One of the mysteries of the English language finally explained.
(of a celebrity or politician) greet people by shaking hands.
- ‘Bigwigs in that branch of the party appear to play a leading role in her campaign, which so far has been about pressing the flesh and avoiding political issues.’
- ‘When it comes to pressing the flesh and ensuring the small nations are looked after, the president knows on which side his breakfast toast is buttered.’
- ‘And he has undergone a transformation from aloof politician to one who knows how to press the flesh and talk with villagers.’
- ‘Salesmen from Canteen were pressing flesh and passing out business cards.’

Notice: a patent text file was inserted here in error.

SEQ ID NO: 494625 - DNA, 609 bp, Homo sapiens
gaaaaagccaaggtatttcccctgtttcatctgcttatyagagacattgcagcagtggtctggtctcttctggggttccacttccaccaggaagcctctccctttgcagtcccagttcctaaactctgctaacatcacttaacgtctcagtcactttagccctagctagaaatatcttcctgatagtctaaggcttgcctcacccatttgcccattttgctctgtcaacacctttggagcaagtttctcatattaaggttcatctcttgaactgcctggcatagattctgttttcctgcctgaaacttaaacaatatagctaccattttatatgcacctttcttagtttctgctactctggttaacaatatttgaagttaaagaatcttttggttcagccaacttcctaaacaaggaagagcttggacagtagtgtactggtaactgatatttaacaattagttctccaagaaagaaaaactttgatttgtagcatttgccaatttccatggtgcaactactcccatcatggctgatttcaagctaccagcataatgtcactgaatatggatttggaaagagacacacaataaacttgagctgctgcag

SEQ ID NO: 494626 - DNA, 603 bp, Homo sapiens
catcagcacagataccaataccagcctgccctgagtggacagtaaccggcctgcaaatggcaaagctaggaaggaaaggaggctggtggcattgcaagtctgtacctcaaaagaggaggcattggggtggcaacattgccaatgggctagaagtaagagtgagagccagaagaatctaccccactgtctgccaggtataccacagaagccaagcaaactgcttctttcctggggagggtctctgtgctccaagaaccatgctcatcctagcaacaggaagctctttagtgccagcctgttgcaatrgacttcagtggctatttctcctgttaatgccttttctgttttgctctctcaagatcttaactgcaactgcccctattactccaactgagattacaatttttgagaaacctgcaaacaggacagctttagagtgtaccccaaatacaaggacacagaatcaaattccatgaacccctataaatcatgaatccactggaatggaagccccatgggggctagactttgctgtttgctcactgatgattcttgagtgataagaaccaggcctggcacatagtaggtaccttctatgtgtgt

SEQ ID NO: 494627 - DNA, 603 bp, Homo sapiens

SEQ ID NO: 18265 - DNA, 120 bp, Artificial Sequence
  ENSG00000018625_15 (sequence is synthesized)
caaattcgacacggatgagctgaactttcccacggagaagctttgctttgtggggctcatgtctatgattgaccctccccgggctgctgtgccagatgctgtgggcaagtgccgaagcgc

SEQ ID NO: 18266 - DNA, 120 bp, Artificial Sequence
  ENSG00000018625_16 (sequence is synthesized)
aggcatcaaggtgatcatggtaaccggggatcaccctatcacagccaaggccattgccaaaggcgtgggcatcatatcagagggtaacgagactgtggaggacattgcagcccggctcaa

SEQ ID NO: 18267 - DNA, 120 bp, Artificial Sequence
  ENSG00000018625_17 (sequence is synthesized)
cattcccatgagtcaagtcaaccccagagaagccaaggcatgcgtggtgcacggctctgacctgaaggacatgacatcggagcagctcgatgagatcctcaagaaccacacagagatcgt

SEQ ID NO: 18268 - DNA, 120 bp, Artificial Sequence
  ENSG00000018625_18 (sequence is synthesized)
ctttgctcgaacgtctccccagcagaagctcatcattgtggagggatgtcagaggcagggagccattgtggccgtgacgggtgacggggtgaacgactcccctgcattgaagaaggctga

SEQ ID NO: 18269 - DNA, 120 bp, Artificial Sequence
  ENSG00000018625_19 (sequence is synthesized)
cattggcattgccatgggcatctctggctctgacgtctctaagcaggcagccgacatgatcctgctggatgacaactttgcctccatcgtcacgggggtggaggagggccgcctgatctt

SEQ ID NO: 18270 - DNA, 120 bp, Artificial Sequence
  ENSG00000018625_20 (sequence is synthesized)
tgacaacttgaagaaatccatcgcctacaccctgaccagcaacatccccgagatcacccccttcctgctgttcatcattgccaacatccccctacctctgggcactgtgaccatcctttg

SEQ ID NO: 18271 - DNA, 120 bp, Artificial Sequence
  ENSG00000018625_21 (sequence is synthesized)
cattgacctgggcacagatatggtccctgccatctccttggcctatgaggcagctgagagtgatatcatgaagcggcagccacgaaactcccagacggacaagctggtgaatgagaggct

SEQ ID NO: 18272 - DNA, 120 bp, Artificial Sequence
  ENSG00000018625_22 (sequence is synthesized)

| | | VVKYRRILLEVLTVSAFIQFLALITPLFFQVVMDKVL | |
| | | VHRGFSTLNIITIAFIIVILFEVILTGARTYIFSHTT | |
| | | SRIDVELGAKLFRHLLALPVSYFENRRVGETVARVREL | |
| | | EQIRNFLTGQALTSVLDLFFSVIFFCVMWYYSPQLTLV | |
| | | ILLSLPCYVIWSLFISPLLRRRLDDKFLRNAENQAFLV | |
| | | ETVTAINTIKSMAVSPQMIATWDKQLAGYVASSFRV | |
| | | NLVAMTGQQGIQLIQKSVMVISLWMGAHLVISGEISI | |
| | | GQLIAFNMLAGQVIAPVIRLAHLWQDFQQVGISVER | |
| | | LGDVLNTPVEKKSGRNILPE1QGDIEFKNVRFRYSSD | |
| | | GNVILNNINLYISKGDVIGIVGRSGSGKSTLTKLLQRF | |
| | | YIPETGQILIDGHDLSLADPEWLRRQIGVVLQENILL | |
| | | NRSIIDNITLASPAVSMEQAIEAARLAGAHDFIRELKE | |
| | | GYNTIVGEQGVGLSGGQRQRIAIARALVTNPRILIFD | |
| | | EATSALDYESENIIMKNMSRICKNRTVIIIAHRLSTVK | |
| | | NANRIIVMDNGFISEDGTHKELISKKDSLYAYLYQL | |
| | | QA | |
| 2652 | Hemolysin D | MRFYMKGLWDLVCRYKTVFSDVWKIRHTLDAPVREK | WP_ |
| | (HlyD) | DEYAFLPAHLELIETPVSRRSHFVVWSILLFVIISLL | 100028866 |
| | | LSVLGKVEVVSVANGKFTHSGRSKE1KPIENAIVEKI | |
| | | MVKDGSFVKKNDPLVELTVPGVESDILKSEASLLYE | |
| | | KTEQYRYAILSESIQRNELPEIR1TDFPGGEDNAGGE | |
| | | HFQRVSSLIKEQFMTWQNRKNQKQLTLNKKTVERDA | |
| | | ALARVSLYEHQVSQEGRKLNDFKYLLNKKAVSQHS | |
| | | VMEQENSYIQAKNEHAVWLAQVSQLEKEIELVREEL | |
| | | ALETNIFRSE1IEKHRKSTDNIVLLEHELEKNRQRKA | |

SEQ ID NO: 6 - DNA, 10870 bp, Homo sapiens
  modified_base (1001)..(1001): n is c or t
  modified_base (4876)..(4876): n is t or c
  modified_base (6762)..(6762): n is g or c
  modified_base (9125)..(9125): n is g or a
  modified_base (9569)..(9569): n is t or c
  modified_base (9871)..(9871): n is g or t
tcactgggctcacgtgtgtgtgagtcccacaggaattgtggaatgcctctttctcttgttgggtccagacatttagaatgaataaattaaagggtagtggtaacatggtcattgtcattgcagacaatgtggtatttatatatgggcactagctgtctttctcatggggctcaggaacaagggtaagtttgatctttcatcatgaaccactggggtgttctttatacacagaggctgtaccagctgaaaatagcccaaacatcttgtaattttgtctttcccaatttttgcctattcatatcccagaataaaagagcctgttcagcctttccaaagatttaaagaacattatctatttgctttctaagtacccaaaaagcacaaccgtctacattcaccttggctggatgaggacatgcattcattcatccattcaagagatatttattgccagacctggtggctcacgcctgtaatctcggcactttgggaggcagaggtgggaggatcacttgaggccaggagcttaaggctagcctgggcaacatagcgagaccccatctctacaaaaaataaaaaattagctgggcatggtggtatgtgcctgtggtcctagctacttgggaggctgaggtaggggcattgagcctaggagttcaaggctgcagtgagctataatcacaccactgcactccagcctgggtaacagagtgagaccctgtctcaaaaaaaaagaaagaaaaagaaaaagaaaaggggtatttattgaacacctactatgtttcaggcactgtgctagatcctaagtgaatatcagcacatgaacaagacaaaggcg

- ‘Paul Hackett is out for one last day of pressing the flesh.’
- ‘Dean was out in the rain in Little Rock, pressing the flesh, pushing his cause.’
- ‘Politicians hold clinics in pubs, press the flesh, have to be seen to be personable.’
- ‘The corporation's political adviser was officially north of the Border to press the flesh of the senior management and meet the leaders of Scotland's four main political parties.’
- ‘The visuals show the youthful legislator on the move, walking through what Fogerty calls ‘Americana sets,’ meeting people, pressing the flesh.’
- ‘His designated role for the festival will be to press the flesh and meet and greet as many people as he can.’
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